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Puzzles for Process


Found in: pairing & grouping; puzzles

I use puzzles as an introductory activity for setting up cooperative groups, or starting a new unit. I find that they build thinking skills, cooperation, and self-analysis/reflection. I use a puzzle of 25 to 100 pieces, depending on the age and ability of the class, for each cooperative group. I set the puzzles out on group tables, just the pieces, no picture of what the puzzle will look like when finished. Then I pick pieces from each puzzle -- enough to give each student one piece -- and put them in a container. To keep the puzzle pieces from getting mixed up, I buy puzzles that are different in design and color.

As students enter the room they take a puzzle piece from the container and find the table that has the puzzle their piece fits into. They start putting the puzzle together right away, which keeps them busy while other students join them. Before long the whole class is engaged in putting their puzzles together in their different groups.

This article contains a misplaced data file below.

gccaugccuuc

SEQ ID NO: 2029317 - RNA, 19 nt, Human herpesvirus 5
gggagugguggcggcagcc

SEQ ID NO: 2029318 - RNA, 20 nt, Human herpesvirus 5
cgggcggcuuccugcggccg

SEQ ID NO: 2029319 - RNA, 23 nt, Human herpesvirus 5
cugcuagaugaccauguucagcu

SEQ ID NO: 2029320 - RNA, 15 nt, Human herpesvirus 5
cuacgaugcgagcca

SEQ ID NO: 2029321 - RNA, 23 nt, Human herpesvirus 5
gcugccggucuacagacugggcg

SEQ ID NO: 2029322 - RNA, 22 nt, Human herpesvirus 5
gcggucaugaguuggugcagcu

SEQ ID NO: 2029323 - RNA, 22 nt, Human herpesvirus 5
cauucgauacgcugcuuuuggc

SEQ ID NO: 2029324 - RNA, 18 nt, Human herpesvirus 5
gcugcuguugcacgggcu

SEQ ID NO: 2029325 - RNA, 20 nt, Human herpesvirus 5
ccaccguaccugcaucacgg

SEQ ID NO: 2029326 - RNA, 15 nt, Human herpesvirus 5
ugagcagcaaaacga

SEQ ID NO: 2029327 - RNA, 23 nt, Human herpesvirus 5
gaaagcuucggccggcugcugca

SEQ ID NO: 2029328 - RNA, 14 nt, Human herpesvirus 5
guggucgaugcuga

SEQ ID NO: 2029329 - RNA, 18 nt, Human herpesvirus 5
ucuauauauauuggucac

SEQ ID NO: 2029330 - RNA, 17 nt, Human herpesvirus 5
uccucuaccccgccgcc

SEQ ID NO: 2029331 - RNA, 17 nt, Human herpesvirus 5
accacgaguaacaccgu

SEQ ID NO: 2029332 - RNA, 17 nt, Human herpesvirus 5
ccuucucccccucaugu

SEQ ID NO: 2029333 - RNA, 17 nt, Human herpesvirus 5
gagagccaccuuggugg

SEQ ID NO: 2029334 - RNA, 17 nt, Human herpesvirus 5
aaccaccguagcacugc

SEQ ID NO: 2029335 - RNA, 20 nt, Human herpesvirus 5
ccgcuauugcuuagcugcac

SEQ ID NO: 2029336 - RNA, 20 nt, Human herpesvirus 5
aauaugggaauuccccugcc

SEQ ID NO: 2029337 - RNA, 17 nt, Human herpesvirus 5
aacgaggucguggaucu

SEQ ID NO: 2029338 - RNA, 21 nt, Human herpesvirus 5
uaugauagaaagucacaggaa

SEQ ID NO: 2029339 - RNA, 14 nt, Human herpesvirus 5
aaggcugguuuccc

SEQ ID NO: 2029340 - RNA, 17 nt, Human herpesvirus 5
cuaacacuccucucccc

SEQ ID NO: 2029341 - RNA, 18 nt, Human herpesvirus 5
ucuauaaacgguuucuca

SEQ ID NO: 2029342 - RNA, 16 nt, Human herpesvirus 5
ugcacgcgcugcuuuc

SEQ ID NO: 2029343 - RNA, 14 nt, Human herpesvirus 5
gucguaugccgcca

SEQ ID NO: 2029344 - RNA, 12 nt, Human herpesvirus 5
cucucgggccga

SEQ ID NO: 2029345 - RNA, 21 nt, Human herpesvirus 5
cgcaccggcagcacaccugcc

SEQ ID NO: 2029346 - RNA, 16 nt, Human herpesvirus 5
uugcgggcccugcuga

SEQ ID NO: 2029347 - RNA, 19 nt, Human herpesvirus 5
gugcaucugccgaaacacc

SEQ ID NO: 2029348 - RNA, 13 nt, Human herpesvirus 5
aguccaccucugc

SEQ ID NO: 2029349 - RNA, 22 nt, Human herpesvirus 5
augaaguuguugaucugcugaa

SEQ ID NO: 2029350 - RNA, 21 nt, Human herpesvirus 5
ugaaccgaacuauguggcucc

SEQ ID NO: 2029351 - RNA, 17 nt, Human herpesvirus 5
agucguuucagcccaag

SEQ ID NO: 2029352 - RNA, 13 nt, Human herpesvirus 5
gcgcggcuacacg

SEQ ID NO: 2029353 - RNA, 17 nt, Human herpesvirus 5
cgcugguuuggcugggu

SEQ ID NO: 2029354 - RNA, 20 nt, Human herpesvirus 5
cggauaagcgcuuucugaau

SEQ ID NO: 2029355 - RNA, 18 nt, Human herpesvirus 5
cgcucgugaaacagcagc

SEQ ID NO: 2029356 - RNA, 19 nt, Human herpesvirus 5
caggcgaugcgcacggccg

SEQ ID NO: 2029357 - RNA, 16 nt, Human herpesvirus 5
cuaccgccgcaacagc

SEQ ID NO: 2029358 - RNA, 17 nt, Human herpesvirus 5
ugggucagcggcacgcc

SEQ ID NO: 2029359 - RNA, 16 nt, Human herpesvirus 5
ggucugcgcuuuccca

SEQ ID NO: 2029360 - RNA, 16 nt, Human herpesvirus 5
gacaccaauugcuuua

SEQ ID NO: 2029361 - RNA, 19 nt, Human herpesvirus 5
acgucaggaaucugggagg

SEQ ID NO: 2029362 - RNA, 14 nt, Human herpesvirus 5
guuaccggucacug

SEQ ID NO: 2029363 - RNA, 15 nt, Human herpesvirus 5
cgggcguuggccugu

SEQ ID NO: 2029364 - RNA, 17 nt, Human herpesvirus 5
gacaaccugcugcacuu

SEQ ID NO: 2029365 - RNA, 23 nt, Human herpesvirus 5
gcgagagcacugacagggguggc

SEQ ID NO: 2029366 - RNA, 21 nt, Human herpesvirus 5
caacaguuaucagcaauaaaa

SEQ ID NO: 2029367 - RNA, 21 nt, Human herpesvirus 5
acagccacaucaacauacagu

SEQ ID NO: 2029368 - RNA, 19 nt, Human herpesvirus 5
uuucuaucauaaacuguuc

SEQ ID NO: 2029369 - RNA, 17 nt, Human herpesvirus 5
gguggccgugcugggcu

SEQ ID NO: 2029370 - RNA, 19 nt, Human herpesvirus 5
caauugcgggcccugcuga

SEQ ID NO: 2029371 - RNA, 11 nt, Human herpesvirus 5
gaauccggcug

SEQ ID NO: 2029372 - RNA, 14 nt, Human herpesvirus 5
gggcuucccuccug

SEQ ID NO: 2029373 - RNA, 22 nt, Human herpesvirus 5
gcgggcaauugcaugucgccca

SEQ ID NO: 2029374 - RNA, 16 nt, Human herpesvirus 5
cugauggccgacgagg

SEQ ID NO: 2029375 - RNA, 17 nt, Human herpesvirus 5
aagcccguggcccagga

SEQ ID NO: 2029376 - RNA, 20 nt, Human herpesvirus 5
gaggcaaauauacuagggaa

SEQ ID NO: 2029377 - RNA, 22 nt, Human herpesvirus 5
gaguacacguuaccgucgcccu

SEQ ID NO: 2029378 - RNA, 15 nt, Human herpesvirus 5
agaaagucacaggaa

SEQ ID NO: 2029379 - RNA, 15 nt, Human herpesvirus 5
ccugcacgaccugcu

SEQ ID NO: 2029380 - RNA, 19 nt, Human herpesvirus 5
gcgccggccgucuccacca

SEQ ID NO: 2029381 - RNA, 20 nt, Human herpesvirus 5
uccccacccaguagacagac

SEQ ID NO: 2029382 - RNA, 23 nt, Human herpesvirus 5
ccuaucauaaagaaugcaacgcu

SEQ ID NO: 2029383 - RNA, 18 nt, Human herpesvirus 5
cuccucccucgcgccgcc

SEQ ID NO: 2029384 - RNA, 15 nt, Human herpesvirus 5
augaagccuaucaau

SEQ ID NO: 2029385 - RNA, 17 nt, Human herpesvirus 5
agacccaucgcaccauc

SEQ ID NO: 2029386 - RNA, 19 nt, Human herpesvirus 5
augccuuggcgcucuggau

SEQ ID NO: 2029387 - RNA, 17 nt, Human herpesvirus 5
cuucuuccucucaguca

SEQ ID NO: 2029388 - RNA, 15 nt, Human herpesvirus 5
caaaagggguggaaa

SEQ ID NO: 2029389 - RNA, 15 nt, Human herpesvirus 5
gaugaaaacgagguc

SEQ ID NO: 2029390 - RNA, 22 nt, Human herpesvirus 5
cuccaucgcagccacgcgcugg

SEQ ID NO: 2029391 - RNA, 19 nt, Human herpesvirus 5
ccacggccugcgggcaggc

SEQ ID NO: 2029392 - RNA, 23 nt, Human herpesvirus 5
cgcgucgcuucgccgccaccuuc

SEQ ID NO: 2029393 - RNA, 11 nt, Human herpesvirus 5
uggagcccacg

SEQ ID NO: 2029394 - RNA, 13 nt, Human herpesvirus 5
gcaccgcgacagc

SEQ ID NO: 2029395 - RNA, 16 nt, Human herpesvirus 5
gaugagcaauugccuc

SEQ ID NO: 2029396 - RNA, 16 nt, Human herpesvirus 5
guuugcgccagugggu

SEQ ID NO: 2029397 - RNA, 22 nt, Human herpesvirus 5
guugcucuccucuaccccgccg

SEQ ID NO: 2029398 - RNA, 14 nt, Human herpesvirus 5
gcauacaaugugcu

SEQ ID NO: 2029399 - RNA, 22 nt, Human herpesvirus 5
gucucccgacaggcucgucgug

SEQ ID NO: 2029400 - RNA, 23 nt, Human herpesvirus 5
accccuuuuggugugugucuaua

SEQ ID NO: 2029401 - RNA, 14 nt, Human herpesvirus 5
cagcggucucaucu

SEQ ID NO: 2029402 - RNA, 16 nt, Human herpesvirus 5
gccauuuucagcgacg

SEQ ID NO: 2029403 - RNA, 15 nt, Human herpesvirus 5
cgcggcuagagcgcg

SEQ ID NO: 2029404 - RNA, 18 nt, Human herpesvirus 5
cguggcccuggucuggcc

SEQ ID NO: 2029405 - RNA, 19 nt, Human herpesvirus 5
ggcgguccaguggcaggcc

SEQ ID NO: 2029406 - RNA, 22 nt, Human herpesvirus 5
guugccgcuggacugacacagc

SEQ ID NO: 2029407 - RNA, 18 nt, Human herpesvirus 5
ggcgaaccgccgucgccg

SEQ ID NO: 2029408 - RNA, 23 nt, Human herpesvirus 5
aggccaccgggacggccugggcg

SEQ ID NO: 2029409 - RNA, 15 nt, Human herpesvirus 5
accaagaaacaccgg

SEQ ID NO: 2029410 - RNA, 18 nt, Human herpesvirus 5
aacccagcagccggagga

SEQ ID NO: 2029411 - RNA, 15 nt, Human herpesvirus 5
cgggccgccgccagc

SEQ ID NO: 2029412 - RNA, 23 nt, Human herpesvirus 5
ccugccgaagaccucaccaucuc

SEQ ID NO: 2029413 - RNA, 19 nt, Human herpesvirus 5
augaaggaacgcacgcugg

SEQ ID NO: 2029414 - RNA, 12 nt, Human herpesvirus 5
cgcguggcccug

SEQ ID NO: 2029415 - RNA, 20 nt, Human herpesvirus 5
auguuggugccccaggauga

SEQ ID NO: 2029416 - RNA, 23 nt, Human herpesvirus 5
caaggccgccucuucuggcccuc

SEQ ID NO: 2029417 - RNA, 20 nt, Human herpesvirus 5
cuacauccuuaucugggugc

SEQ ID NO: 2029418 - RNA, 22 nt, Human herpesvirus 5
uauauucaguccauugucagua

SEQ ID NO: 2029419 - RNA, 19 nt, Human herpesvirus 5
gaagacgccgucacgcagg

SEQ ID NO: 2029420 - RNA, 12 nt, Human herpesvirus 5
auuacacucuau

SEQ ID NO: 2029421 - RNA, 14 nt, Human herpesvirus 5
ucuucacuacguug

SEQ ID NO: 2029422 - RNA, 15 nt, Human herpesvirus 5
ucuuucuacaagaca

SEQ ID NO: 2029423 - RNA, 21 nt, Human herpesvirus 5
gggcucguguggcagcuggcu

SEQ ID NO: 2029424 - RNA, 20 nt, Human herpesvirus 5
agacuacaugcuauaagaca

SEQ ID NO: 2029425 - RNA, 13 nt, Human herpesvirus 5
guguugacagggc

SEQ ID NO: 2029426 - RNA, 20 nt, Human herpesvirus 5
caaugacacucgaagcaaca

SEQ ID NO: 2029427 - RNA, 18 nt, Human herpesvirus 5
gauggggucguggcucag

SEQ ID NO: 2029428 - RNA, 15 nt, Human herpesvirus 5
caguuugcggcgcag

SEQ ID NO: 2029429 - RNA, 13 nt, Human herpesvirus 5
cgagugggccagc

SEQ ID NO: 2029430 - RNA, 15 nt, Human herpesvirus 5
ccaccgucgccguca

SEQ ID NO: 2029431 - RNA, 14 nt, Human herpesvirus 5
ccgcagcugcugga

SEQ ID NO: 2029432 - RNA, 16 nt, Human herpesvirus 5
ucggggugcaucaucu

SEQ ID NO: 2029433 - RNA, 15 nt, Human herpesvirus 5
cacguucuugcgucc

After they finish putting together the puzzles, I ask them to discuss these questions:

1) How did your group cooperate to get your puzzle together?
2) Did you get your puzzle done in the allotted time?
3) How did you feel trying to put a puzzle together without seeing a picture of what it was supposed to look like?
4) Did everyone in the group feel the same way?
5) What did you learn about yourself working in a group?
6) What did you learn about your learning style?

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